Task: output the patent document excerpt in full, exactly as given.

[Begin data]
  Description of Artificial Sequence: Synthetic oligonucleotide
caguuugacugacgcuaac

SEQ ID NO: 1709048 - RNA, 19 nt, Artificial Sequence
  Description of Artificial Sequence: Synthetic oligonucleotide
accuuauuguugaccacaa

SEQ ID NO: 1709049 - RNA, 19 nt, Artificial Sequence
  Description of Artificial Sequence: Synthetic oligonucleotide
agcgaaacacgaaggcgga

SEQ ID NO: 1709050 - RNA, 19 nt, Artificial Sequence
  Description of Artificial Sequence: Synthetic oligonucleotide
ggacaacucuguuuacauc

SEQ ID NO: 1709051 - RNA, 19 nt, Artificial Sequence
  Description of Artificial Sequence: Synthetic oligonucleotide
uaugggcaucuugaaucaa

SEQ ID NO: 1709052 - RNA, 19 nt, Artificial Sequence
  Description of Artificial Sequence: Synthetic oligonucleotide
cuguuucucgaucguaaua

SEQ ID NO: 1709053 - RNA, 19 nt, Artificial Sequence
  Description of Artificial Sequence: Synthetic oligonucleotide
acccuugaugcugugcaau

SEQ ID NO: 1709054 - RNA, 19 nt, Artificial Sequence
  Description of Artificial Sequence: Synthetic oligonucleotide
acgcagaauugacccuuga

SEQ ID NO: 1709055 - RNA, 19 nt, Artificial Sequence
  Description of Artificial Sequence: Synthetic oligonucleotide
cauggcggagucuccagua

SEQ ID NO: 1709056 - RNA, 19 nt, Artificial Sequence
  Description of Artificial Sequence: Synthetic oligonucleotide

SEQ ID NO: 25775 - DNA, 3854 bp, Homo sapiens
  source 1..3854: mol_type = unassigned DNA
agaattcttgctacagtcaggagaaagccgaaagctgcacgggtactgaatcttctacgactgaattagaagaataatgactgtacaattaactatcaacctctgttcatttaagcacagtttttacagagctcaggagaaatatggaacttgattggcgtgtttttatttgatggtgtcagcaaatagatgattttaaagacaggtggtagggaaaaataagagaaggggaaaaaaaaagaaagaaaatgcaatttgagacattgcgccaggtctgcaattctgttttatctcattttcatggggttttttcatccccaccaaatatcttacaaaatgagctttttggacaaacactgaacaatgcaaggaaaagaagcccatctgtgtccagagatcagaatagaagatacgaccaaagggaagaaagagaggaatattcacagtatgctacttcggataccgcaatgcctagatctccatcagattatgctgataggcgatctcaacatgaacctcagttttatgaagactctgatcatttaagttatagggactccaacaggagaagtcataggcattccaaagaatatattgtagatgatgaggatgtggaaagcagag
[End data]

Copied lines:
  Description of Artificial Sequence: Synthetic oligonucleotide
caguuugacugacgcuaac

SEQ ID NO: 1709048 - RNA, 19 nt, Artificial Sequence
  Description of Artificial Sequence: Synthetic oligonucleotide
accuuauuguugaccacaa

SEQ ID NO: 1709049 - RNA, 19 nt, Artificial Sequence
  Description of Artificial Sequence: Synthetic oligonucleotide
agcgaaacacgaaggcgga

SEQ ID NO: 1709050 - RNA, 19 nt, Artificial Sequence
  Description of Artificial Sequence: Synthetic oligonucleotide
ggacaacucuguuuacauc

SEQ ID NO: 1709051 - RNA, 19 nt, Artificial Sequence
  Description of Artificial Sequence: Synthetic oligonucleotide
uaugggcaucuugaaucaa

SEQ ID NO: 1709052 - RNA, 19 nt, Artificial Sequence
  Description of Artificial Sequence: Synthetic oligonucleotide
cuguuucucgaucguaaua

SEQ ID NO: 1709053 - RNA, 19 nt, Artificial Sequence
  Description of Artificial Sequence: Synthetic oligonucleotide
acccuugaugcugugcaau

SEQ ID NO: 1709054 - RNA, 19 nt, Artificial Sequence
  Description of Artificial Sequence: Synthetic oligonucleotide
acgcagaauugacccuuga

SEQ ID NO: 1709055 - RNA, 19 nt, Artificial Sequence
  Description of Artificial Sequence: Synthetic oligonucleotide
cauggcggagucuccagua

SEQ ID NO: 1709056 - RNA, 19 nt, Artificial Sequence
  Description of Artificial Sequence: Synthetic oligonucleotide

SEQ ID NO: 25775 - DNA, 3854 bp, Homo sapiens
  source 1..3854: mol_type = unassigned DNA
agaattcttgctacagtcaggagaaagccgaaagctgcacgggtactgaatcttctacgactgaattagaagaataatgactgtacaattaactatcaacctctgttcatttaagcacagtttttacagagctcaggagaaatatggaacttgattggcgtgtttttatttgatggtgtcagcaaatagatgattttaaagacaggtggtagggaaaaataagagaaggggaaaaaaaaagaaagaaaatgcaatttgagacattgcgccaggtctgcaattctgttttatctcattttcatggggttttttcatccccaccaaatatcttacaaaatgagctttttggacaaacactgaacaatgcaaggaaaagaagcccatctgtgtccagagatcagaatagaagatacgaccaaagggaagaaagagaggaatattcacagtatgctacttcggataccgcaatgcctagatctccatcagattatgctgataggcgatctcaacatgaacctcagttttatgaagactctgatcatttaagttatagggactccaacaggagaagtcataggcattccaaagaatatattgtagatgatgaggatgtggaaagcagag